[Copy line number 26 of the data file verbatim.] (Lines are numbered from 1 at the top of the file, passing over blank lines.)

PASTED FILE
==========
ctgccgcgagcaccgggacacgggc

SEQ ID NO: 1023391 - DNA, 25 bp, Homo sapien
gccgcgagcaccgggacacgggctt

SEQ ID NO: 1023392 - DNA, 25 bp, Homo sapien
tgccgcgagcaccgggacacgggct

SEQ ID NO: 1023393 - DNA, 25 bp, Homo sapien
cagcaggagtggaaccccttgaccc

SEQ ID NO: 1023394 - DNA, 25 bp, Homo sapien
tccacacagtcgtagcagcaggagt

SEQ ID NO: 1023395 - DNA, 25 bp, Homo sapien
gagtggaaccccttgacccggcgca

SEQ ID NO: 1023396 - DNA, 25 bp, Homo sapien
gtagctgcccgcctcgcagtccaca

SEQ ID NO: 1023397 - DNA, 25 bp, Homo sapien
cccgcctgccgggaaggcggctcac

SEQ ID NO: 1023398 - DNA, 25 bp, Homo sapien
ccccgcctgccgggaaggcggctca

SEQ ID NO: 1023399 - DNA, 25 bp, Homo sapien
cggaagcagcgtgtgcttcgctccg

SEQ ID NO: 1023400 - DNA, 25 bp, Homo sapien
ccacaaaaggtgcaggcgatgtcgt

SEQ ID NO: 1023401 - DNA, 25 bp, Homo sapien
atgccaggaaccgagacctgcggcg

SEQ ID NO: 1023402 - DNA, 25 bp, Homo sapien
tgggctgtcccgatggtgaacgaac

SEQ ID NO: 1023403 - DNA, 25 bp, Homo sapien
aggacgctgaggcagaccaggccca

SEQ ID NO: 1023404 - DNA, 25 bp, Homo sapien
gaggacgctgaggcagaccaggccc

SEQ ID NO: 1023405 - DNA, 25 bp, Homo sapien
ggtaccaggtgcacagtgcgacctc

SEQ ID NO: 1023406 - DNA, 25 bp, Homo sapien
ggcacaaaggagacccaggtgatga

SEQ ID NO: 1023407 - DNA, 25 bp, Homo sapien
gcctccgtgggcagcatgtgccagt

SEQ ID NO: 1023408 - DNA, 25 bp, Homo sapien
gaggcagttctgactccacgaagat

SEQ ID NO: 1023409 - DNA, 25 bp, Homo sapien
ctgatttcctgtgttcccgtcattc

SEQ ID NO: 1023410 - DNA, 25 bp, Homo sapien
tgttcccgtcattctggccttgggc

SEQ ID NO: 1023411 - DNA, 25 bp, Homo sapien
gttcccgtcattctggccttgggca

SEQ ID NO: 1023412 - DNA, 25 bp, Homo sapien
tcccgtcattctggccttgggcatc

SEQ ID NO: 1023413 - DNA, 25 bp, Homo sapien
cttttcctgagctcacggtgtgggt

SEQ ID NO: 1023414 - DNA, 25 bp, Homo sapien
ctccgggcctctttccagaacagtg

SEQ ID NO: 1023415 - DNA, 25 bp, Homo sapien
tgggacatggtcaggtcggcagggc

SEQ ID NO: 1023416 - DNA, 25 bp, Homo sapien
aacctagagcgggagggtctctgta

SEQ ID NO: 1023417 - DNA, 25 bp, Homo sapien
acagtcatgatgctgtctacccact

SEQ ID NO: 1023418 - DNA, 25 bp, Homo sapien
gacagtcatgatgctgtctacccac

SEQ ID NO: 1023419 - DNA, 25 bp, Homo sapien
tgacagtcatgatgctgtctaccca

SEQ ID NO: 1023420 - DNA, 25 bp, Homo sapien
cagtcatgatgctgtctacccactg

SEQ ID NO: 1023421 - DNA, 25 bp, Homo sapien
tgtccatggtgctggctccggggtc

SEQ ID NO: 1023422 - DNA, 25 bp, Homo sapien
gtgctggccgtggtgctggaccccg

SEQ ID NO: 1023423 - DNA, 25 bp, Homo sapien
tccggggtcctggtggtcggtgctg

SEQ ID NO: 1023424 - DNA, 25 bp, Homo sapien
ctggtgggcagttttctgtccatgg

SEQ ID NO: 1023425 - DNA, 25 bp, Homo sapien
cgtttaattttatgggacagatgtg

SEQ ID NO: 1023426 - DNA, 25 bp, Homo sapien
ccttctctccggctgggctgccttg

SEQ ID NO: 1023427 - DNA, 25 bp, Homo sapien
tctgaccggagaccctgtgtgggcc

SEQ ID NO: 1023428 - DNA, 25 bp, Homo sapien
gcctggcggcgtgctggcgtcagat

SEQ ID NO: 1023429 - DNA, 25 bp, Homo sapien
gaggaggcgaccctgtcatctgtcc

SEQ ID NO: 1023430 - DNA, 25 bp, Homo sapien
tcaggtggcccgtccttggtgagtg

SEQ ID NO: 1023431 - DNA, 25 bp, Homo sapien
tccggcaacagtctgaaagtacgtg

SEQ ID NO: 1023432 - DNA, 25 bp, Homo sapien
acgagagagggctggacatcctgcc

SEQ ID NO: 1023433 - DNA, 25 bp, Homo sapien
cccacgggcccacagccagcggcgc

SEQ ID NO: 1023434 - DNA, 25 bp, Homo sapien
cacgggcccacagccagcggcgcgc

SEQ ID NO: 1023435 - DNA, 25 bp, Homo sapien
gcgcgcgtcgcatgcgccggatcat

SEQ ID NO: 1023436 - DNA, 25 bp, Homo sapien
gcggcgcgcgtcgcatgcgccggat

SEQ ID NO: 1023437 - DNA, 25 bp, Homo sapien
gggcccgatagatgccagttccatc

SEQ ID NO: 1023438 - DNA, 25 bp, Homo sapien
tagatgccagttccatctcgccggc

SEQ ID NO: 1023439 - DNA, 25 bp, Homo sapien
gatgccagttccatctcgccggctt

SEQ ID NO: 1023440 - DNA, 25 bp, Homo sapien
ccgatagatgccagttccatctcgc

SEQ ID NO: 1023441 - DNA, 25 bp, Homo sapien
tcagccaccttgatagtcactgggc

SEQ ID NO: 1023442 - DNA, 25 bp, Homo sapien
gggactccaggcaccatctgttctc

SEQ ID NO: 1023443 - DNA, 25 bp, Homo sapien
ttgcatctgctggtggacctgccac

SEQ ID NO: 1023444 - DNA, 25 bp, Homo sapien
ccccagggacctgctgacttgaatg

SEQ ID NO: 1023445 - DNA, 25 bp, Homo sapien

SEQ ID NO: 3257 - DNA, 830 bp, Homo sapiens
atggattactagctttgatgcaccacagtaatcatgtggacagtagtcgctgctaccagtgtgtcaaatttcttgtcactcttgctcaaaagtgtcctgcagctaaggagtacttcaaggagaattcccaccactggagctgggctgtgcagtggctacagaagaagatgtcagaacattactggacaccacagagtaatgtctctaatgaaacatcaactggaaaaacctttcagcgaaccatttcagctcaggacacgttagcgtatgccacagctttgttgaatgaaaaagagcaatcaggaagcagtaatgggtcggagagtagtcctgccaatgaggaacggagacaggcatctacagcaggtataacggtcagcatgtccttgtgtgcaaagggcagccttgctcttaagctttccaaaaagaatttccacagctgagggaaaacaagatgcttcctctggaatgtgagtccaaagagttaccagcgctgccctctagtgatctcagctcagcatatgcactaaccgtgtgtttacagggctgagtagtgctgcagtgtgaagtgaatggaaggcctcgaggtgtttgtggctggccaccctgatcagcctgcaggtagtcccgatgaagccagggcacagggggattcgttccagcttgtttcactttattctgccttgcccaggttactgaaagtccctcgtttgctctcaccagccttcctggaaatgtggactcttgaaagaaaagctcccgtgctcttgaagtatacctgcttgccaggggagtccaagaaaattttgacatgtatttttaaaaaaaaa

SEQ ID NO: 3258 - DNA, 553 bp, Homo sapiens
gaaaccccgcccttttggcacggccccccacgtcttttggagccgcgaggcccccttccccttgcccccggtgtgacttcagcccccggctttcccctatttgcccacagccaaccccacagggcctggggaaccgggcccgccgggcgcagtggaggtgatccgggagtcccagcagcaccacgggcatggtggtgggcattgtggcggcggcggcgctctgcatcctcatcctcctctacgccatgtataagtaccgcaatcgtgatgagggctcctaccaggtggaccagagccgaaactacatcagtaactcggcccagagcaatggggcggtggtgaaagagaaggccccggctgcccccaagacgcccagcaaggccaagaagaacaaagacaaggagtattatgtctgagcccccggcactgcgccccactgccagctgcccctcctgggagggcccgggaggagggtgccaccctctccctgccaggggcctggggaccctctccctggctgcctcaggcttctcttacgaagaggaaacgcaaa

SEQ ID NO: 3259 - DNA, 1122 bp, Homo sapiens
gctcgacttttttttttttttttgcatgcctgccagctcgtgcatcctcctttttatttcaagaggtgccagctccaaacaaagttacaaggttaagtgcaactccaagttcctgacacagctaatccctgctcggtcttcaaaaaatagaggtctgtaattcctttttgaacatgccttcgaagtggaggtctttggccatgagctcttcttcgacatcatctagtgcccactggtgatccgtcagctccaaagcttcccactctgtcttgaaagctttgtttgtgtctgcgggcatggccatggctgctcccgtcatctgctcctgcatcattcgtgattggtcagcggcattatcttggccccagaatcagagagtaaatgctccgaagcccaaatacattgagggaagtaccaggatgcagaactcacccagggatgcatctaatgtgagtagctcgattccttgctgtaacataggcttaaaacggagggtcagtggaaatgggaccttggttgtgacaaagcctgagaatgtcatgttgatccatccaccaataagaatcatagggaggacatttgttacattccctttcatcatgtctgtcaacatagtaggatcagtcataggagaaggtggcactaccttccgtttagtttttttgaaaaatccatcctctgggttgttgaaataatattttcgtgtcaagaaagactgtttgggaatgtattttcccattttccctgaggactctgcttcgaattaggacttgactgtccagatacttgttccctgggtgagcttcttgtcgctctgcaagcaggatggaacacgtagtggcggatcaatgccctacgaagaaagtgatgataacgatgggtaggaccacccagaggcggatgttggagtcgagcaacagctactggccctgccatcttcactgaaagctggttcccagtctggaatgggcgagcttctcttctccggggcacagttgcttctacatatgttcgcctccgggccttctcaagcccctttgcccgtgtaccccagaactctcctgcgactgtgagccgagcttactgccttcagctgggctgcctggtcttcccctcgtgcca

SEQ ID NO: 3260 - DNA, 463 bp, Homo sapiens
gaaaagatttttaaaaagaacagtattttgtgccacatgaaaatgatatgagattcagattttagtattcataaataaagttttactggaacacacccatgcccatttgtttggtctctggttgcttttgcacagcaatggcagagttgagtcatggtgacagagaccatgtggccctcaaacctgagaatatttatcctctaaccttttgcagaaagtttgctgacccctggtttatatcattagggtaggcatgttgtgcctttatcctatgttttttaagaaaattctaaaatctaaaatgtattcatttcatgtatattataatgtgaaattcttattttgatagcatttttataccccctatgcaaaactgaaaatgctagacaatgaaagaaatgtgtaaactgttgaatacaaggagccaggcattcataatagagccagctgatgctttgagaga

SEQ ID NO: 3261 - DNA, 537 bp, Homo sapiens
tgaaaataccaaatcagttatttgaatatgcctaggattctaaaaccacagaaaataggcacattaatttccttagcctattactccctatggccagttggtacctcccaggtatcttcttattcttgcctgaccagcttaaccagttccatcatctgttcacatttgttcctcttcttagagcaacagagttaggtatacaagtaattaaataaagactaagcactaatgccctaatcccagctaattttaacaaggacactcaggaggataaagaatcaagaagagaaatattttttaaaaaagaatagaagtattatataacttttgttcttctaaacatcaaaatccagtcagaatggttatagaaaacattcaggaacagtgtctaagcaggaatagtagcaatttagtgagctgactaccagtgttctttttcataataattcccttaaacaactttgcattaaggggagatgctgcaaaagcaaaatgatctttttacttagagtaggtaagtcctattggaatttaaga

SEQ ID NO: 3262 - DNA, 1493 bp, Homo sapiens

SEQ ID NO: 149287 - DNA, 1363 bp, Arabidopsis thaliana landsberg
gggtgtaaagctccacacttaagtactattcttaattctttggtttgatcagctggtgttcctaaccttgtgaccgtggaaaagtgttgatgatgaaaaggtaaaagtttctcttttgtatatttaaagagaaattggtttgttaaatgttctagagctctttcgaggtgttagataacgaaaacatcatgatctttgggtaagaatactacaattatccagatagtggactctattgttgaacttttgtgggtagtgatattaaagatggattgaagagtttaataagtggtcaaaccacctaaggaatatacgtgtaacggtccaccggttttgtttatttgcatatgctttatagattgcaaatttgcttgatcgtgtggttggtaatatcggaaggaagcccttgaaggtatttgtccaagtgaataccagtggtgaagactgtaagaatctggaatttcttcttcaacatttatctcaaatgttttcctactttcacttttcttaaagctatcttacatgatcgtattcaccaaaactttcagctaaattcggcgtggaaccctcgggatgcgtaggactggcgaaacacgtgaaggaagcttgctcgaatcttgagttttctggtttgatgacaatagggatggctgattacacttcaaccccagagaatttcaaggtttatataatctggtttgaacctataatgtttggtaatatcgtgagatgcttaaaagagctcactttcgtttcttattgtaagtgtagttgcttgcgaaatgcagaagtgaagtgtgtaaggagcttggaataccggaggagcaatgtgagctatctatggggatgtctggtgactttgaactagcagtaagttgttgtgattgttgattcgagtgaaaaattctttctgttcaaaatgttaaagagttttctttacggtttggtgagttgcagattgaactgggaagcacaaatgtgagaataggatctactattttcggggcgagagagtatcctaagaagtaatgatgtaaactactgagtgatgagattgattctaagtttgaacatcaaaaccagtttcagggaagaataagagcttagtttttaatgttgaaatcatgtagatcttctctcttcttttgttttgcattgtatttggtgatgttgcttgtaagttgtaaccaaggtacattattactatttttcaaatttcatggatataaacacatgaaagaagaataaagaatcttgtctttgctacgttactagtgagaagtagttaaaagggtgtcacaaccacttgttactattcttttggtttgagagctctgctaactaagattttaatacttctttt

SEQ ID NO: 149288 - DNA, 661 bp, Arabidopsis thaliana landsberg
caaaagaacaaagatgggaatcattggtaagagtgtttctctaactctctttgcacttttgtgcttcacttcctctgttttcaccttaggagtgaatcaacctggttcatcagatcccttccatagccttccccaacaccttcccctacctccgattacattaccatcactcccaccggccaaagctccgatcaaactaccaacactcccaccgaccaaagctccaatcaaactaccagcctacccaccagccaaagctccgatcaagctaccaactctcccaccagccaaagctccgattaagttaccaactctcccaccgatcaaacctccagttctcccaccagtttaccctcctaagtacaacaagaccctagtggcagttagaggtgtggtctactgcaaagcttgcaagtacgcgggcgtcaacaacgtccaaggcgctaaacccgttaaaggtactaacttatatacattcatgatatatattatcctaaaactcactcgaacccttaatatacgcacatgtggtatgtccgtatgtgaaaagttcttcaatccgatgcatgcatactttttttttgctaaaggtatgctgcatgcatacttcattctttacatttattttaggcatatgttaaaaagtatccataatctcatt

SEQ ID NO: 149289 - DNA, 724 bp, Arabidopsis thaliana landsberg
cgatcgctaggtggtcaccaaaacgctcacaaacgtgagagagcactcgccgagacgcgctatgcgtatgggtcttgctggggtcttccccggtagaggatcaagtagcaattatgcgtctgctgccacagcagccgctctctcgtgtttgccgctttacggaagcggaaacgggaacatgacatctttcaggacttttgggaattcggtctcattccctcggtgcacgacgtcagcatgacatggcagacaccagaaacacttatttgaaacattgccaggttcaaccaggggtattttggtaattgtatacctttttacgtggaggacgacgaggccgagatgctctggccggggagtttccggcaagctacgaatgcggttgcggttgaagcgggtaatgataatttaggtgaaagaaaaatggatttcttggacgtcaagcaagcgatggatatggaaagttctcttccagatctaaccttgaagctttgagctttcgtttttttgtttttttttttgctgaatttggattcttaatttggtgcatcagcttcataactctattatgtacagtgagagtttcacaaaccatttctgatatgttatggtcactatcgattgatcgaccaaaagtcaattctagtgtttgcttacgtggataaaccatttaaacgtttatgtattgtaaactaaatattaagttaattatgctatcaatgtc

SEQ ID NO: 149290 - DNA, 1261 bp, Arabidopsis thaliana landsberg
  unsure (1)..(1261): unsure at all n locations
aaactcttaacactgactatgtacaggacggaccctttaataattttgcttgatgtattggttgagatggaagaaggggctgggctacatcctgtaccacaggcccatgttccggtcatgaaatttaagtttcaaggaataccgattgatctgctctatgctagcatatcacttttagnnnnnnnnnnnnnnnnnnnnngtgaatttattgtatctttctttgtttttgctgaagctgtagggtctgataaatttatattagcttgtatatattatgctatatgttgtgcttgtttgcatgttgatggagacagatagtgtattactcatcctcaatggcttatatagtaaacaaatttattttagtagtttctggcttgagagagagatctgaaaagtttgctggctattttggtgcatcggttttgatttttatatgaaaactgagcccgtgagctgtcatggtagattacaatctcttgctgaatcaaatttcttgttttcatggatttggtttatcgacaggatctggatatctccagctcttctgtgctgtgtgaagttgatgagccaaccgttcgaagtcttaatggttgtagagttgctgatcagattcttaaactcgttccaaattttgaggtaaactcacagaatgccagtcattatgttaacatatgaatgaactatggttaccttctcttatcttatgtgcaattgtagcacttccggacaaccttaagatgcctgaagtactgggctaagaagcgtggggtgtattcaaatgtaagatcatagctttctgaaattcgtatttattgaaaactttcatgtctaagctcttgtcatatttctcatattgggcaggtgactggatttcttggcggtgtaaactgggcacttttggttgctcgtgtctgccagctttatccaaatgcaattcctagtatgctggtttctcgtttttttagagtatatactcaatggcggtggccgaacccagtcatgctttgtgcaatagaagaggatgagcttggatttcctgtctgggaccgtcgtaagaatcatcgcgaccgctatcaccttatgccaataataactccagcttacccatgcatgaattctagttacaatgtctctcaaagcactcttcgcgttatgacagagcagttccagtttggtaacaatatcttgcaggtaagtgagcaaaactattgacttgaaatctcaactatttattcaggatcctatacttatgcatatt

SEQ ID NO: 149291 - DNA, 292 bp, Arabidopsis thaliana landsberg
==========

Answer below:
SEQ ID NO: 1023403 - DNA, 25 bp, Homo sapien